White Witch - White Witch

White Witch – White Witch

88 / 100

White Witch were a Tampa underground legend who gained publicity with their vague glam image similar to the British acts of the time.

Written by: Dangerzone

ARTIST: White Witch
ALBUM: White Witch
LABEL: Capricorn
YEAR: 1972
CD REISSUE: Discogs Reissue List

LINEUP: Ron Goedert – vocals * Buddy Richardson – guitars * Beau Fisher – bass * Buddy Pendergrass – organ * Bobby Shea – drums

TRACK LISTING: 01 Parabrahm Greeting – Dwellers Of The Threshold * 02 Help Me Lord * 03 Don’t Close Your Mind * 04 You’re The One * 05 Sleepwalk * 06 Home Grown Girl * 07 And I’m Leaving * 08 Illusion * 09 It’s So Nice To Be Stoned * 10 Have You Ever Thought Of Changing Jackson Slade * 11 The Gift


Somewhat of an underground legend are this Florida act who gained a certain amount of publicity in the early 70’s with their vague glam image similar to the British acts of the time. The band was known as The Tropics before evolving into White Witch, some seeing the band as a riposte to the likes of Black Sabbath, with their more positive themed tracks, such as ‘It’s So Nice To Be Stoned’!

The band was signed to the Capricorn label, home to legends like The Allman Brothers Band and The Marshall Tucker Band. Vocalist Goedert was the star of the band, with somewhat of a superstar presence according to various band members, even described as the next Roger Daltrey! The problem for White Witch was their label, home to mainly Southern rock acts, who had no idea how to market the psychedelic overtones of White Witch. This eventually led to their demise.

The Songs

This is not an overwhelmingly heavy affair, but the quality is even throughout. The bizarrely titled opening instrumental ‘Parabrahm Greeting – Dwellers Of The Threshold’ is a typical progressive jam, with all the hallmarks of Quatermass or early Colosseum. It leads into the Uriah Heep influenced ‘Help Me Lord’, heavy on organ riffs and swirling keyboards.

‘Don’t Close Your Mind’ is an upbeat exercise in light rock, but exceptionally melodic, the same is true of ‘You’re The One’, a dreamy piece, floating in the best late 60’s fashion. This style repeats itself on ‘Sleepwalking’ before a welcome piece of hard rock in ‘Home Grown Girl’, a good reply to T-Rex, Silverhead or The Faces for rock and roll swank. ‘And I’m Leaving’ was a minor hit and takes in Mott The Hoople along the way.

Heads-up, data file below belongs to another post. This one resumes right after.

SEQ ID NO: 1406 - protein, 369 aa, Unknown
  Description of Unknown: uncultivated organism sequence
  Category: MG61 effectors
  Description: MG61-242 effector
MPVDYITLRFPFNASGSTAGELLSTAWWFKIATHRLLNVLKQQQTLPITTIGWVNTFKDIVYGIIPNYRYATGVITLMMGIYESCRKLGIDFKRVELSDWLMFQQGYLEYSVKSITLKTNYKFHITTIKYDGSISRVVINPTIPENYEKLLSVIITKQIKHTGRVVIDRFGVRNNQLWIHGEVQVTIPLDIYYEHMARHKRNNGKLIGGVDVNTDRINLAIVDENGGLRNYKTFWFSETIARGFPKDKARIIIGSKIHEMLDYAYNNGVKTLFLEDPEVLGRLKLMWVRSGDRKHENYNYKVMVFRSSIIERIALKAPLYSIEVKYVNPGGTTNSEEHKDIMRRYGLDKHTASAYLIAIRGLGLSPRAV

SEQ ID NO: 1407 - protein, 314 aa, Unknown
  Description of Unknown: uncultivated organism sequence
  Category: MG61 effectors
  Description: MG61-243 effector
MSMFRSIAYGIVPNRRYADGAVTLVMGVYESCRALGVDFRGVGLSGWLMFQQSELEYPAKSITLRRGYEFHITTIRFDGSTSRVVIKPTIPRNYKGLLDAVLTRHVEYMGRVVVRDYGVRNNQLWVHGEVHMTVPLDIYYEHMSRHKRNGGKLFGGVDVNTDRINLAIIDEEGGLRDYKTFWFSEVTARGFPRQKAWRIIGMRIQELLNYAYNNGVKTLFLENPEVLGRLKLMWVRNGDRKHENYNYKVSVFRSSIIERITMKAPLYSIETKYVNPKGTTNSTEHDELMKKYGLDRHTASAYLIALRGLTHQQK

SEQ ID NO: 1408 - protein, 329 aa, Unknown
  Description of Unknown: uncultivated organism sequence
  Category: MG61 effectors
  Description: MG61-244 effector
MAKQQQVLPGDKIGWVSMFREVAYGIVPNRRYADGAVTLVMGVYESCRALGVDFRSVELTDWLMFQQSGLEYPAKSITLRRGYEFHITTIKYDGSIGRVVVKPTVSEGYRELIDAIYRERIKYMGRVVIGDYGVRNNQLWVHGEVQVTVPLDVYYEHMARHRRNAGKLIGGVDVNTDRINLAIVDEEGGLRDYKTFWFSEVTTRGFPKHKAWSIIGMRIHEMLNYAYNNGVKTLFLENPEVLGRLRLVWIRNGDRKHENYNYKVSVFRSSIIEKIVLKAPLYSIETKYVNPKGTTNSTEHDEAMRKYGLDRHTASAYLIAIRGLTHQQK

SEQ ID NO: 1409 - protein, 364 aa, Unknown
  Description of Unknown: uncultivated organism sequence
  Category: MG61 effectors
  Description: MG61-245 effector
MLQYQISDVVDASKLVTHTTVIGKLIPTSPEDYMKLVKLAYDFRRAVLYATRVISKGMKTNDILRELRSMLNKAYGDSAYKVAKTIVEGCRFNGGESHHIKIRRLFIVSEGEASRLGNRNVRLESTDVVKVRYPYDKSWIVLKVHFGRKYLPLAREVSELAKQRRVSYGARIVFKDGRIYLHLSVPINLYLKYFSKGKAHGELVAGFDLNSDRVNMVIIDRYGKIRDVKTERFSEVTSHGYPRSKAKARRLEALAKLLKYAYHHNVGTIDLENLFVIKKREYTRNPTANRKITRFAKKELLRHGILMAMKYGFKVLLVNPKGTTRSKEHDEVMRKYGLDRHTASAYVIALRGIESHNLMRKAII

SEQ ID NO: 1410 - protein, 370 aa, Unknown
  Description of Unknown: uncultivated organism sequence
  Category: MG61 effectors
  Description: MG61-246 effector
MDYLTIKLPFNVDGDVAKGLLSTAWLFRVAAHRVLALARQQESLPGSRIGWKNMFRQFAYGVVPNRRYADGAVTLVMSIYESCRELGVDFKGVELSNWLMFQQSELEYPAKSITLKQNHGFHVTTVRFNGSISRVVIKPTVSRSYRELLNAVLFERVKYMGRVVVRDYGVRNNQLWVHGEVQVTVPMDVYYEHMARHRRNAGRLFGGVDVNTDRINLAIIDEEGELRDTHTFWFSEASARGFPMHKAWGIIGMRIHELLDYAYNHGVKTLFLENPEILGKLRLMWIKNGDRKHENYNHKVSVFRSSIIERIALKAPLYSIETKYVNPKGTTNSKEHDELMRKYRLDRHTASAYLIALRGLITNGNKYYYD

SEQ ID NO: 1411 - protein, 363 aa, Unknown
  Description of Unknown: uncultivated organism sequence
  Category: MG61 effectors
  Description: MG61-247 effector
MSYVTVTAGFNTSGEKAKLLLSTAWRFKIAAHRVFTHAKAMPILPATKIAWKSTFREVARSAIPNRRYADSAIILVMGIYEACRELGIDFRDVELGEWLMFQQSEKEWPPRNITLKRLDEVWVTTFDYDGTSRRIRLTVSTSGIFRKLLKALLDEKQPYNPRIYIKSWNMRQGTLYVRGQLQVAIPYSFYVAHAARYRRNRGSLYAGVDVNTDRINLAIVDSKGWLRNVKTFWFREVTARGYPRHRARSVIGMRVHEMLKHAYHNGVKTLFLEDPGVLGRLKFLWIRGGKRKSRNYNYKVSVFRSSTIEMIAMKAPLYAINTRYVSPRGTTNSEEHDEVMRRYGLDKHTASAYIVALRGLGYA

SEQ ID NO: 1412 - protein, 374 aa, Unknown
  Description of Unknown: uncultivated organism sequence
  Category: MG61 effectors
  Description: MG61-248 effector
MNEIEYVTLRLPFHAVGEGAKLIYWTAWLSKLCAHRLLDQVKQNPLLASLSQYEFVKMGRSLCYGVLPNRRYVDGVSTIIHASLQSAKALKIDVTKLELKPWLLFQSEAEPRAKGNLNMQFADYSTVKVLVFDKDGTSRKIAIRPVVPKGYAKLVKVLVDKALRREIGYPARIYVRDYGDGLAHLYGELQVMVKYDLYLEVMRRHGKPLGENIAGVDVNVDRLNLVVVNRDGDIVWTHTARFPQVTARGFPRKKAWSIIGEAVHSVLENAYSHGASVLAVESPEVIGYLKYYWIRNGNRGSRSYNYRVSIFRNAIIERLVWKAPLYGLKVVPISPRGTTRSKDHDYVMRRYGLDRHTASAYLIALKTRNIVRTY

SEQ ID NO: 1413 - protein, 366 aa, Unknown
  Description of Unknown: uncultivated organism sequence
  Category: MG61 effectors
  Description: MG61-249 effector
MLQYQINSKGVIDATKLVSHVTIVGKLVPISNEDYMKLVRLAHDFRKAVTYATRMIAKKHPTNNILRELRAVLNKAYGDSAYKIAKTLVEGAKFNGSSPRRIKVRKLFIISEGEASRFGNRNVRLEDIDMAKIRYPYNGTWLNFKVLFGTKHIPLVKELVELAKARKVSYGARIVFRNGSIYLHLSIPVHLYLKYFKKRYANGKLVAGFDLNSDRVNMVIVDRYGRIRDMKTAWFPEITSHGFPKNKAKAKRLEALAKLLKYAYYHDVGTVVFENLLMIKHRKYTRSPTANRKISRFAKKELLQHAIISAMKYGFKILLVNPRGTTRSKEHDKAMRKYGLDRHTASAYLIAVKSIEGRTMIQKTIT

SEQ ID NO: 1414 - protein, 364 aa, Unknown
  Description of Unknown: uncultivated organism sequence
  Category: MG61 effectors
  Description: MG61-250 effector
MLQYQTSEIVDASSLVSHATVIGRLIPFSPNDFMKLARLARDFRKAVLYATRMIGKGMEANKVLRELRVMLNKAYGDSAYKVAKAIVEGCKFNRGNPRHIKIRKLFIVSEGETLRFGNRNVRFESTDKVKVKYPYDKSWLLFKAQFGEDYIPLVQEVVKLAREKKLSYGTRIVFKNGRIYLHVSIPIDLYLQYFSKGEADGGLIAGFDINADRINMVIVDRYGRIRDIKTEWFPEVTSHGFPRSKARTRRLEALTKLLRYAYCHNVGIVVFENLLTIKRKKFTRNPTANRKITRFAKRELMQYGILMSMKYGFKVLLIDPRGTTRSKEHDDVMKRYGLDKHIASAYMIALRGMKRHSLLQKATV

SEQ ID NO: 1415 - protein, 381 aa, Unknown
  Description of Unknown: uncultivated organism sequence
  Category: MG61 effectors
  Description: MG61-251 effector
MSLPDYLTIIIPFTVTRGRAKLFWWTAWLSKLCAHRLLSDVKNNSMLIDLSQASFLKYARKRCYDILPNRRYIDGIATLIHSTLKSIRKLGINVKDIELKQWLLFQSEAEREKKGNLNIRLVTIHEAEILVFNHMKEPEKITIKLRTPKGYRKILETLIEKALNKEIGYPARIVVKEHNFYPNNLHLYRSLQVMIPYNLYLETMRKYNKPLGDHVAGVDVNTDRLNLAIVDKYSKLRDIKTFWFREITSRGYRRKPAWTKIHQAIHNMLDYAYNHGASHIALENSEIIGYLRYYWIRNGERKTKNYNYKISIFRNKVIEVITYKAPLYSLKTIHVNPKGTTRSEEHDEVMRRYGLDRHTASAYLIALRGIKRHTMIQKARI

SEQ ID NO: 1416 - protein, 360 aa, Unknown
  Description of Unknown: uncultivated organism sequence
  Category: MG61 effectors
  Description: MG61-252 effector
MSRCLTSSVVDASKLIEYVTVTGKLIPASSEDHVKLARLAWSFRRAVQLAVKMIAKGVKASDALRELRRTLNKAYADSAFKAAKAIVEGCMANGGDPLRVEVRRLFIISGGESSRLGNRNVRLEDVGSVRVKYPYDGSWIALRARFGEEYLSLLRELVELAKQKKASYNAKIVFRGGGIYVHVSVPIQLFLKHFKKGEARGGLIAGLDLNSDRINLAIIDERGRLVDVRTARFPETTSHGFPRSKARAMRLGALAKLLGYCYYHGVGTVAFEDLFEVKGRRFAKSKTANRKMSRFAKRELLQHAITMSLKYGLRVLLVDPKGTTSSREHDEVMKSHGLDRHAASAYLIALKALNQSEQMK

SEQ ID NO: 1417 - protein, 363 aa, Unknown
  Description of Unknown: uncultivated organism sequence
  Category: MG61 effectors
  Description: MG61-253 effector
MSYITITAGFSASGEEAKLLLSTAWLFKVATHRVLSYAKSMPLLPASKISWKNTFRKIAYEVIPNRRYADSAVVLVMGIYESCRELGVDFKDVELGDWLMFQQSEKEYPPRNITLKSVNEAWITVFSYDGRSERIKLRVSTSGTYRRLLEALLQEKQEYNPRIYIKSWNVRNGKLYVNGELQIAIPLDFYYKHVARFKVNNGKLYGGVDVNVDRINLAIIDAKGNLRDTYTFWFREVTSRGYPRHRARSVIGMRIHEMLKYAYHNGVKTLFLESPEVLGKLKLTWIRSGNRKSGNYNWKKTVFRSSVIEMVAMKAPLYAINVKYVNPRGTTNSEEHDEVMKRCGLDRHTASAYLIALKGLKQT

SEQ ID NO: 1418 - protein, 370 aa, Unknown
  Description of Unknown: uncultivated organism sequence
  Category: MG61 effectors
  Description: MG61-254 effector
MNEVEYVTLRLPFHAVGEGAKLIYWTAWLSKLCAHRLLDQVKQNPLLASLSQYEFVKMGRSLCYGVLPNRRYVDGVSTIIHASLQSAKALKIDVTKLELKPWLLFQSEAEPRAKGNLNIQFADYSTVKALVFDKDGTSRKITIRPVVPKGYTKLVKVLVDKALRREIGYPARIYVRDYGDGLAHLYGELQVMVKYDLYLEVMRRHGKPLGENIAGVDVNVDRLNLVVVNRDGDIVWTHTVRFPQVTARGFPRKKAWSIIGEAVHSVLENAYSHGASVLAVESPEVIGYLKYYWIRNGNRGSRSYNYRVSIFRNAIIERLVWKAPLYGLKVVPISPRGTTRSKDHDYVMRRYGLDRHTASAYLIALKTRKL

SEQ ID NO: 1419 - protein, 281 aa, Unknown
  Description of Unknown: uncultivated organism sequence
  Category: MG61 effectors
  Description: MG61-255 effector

The essential track following this must be ‘Illusion’, where White Witch get to copy Deep Purple with tremendously energetic riffing and frenzied organ workouts which combined with Goedert’s manic vocals combine for a near classic. The whimsical ‘It’s So Nice To Be Stoned’ is a novelty track endorsing good old weed, but give me the sinister keyboards of ‘The Gift’ instead, far more in line with hard rock.

In Summary

Where this album falls is uncertain. Fluctuating between quaint progressive and hard rock, both directions are agreeable but according to reviews White Witch concentrated on the latter for 1974’s ‘A Spiritual Greeting’.. With no promotion the album died quickly, as did the band. Goedert would record a solo album in 1979 titled ‘Breaking All The Rules’, which is notorious for Goedert’s massive flared trousers on the artwork and something which has to be seen to be believed.

Sadly Goedert died in 2000, followed by Pendergrass in 2003 from cancer. In their native Tampa, the band is a legend and were inducted into the city’s rock hall of fame. This was released on CD in 1999 and is easily available for those wanting to get in tune with the early 70’s US rock scene before it changed overnight with the likes of Montrose and Kiss.

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